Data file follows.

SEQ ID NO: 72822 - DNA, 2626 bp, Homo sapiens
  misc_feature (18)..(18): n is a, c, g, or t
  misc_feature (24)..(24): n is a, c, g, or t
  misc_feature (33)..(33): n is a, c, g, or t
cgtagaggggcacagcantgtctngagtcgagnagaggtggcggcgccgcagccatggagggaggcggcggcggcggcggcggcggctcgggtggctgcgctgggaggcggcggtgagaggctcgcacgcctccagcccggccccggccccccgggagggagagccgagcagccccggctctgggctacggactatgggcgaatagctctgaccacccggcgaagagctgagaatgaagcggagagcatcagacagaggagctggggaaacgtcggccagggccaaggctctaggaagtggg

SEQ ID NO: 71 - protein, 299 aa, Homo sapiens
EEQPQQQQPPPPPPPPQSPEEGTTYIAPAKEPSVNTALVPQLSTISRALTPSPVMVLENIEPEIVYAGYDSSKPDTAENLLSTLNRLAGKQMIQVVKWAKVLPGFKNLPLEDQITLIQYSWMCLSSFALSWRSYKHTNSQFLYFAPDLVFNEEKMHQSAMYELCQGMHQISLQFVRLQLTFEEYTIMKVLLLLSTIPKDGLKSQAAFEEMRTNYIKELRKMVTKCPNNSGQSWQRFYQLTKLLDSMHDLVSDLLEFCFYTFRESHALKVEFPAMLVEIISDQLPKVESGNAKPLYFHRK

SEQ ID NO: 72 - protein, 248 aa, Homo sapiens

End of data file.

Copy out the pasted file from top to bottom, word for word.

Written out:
SEQ ID NO: 72822 - DNA, 2626 bp, Homo sapiens
  misc_feature (18)..(18): n is a, c, g, or t
  misc_feature (24)..(24): n is a, c, g, or t
  misc_feature (33)..(33): n is a, c, g, or t
cgtagaggggcacagcantgtctngagtcgagnagaggtggcggcgccgcagccatggagggaggcggcggcggcggcggcggcggctcgggtggctgcgctgggaggcggcggtgagaggctcgcacgcctccagcccggccccggccccccgggagggagagccgagcagccccggctctgggctacggactatgggcgaatagctctgaccacccggcgaagagctgagaatgaagcggagagcatcagacagaggagctggggaaacgtcggccagggccaaggctctaggaagtggg

SEQ ID NO: 71 - protein, 299 aa, Homo sapiens
EEQPQQQQPPPPPPPPQSPEEGTTYIAPAKEPSVNTALVPQLSTISRALTPSPVMVLENIEPEIVYAGYDSSKPDTAENLLSTLNRLAGKQMIQVVKWAKVLPGFKNLPLEDQITLIQYSWMCLSSFALSWRSYKHTNSQFLYFAPDLVFNEEKMHQSAMYELCQGMHQISLQFVRLQLTFEEYTIMKVLLLLSTIPKDGLKSQAAFEEMRTNYIKELRKMVTKCPNNSGQSWQRFYQLTKLLDSMHDLVSDLLEFCFYTFRESHALKVEFPAMLVEIISDQLPKVESGNAKPLYFHRK

SEQ ID NO: 72 - protein, 248 aa, Homo sapiens